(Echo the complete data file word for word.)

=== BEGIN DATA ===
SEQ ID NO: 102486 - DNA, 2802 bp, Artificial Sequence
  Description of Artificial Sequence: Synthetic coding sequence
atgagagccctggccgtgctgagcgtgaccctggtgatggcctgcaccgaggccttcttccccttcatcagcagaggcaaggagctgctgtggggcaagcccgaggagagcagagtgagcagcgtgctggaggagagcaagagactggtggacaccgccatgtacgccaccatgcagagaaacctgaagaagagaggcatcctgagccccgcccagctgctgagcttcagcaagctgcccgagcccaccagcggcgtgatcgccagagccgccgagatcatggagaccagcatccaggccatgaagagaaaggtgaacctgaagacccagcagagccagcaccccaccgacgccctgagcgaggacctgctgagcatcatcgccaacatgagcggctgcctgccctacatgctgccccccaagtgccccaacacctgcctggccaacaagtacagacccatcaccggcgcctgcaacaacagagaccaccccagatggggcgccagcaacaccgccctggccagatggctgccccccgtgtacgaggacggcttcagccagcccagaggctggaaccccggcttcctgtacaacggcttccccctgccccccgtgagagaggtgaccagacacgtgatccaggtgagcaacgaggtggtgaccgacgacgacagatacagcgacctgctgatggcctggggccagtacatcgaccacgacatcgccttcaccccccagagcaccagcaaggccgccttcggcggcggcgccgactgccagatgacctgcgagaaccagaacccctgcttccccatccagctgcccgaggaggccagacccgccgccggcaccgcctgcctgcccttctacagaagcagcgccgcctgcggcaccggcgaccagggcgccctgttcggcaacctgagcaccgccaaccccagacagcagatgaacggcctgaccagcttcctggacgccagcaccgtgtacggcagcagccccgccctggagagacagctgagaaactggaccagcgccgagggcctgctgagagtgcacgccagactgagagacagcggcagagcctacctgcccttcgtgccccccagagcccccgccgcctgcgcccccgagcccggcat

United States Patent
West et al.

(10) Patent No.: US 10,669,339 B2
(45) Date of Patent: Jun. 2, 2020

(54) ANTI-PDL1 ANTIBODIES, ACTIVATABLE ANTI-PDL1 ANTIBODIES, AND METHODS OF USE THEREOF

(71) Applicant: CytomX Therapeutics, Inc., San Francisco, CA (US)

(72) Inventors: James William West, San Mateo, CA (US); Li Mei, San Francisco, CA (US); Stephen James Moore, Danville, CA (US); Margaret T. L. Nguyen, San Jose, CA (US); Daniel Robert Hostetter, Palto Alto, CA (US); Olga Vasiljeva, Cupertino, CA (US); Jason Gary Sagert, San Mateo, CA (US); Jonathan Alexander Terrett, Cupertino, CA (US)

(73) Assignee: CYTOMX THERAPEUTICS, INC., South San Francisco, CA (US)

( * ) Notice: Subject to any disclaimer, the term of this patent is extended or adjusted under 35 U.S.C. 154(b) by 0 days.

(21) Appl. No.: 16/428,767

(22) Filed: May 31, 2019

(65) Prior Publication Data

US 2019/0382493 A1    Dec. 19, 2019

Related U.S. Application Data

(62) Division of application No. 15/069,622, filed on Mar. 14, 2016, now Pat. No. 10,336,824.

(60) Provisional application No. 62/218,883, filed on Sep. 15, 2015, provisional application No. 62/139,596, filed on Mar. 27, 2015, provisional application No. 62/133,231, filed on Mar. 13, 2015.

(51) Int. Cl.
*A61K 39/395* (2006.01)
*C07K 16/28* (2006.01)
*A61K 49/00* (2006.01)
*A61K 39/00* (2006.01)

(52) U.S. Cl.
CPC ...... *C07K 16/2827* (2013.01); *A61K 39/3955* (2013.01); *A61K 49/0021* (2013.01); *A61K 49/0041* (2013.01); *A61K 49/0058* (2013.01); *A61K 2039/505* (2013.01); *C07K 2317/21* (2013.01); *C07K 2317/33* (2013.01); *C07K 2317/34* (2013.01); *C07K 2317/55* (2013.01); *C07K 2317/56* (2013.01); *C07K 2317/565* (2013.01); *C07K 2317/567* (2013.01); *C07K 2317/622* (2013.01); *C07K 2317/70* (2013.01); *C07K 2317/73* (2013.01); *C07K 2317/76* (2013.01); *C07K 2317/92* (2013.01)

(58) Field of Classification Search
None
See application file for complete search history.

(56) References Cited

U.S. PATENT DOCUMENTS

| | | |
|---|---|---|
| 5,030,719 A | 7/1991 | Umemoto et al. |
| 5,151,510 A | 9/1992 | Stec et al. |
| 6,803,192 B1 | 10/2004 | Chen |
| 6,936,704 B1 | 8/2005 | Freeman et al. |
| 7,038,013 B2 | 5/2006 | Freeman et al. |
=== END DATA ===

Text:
SEQ ID NO: 102486 - DNA, 2802 bp, Artificial Sequence
  Description of Artificial Sequence: Synthetic coding sequence
atgagagccctggccgtgctgagcgtgaccctggtgatggcctgcaccgaggccttcttccccttcatcagcagaggcaaggagctgctgtggggcaagcccgaggagagcagagtgagcagcgtgctggaggagagcaagagactggtggacaccgccatgtacgccaccatgcagagaaacctgaagaagagaggcatcctgagccccgcccagctgctgagcttcagcaagctgcccgagcccaccagcggcgtgatcgccagagccgccgagatcatggagaccagcatccaggccatgaagagaaaggtgaacctgaagacccagcagagccagcaccccaccgacgccctgagcgaggacctgctgagcatcatcgccaacatgagcggctgcctgccctacatgctgccccccaagtgccccaacacctgcctggccaacaagtacagacccatcaccggcgcctgcaacaacagagaccaccccagatggggcgccagcaacaccgccctggccagatggctgccccccgtgtacgaggacggcttcagccagcccagaggctggaaccccggcttcctgtacaacggcttccccctgccccccgtgagagaggtgaccagacacgtgatccaggtgagcaacgaggtggtgaccgacgacgacagatacagcgacctgctgatggcctggggccagtacatcgaccacgacatcgccttcaccccccagagcaccagcaaggccgccttcggcggcggcgccgactgccagatgacctgcgagaaccagaacccctgcttccccatccagctgcccgaggaggccagacccgccgccggcaccgcctgcctgcccttctacagaagcagcgccgcctgcggcaccggcgaccagggcgccctgttcggcaacctgagcaccgccaaccccagacagcagatgaacggcctgaccagcttcctggacgccagcaccgtgtacggcagcagccccgccctggagagacagctgagaaactggaccagcgccgagggcctgctgagagtgcacgccagactgagagacagcggcagagcctacctgcccttcgtgccccccagagcccccgccgcctgcgcccccgagcccggcat

United States Patent
West et al.

(10) Patent No.: US 10,669,339 B2
(45) Date of Patent: Jun. 2, 2020

(54) ANTI-PDL1 ANTIBODIES, ACTIVATABLE ANTI-PDL1 ANTIBODIES, AND METHODS OF USE THEREOF

(71) Applicant: CytomX Therapeutics, Inc., San Francisco, CA (US)

(72) Inventors: James William West, San Mateo, CA (US); Li Mei, San Francisco, CA (US); Stephen James Moore, Danville, CA (US); Margaret T. L. Nguyen, San Jose, CA (US); Daniel Robert Hostetter, Palto Alto, CA (US); Olga Vasiljeva, Cupertino, CA (US); Jason Gary Sagert, San Mateo, CA (US); Jonathan Alexander Terrett, Cupertino, CA (US)

(73) Assignee: CYTOMX THERAPEUTICS, INC., South San Francisco, CA (US)

( * ) Notice: Subject to any disclaimer, the term of this patent is extended or adjusted under 35 U.S.C. 154(b) by 0 days.

(21) Appl. No.: 16/428,767

(22) Filed: May 31, 2019

(65) Prior Publication Data

US 2019/0382493 A1    Dec. 19, 2019

Related U.S. Application Data

(62) Division of application No. 15/069,622, filed on Mar. 14, 2016, now Pat. No. 10,336,824.

(60) Provisional application No. 62/218,883, filed on Sep. 15, 2015, provisional application No. 62/139,596, filed on Mar. 27, 2015, provisional application No. 62/133,231, filed on Mar. 13, 2015.

(51) Int. Cl.
*A61K 39/395* (2006.01)
*C07K 16/28* (2006.01)
*A61K 49/00* (2006.01)
*A61K 39/00* (2006.01)

(52) U.S. Cl.
CPC ...... *C07K 16/2827* (2013.01); *A61K 39/3955* (2013.01); *A61K 49/0021* (2013.01); *A61K 49/0041* (2013.01); *A61K 49/0058* (2013.01); *A61K 2039/505* (2013.01); *C07K 2317/21* (2013.01); *C07K 2317/33* (2013.01); *C07K 2317/34* (2013.01); *C07K 2317/55* (2013.01); *C07K 2317/56* (2013.01); *C07K 2317/565* (2013.01); *C07K 2317/567* (2013.01); *C07K 2317/622* (2013.01); *C07K 2317/70* (2013.01); *C07K 2317/73* (2013.01); *C07K 2317/76* (2013.01); *C07K 2317/92* (2013.01)

(58) Field of Classification Search
None
See application file for complete search history.

(56) References Cited

U.S. PATENT DOCUMENTS

| | | |
|---|---|---|
| 5,030,719 A | 7/1991 | Umemoto et al. |
| 5,151,510 A | 9/1992 | Stec et al. |
| 6,803,192 B1 | 10/2004 | Chen |
| 6,936,704 B1 | 8/2005 | Freeman et al. |
| 7,038,013 B2 | 5/2006 | Freeman et al. |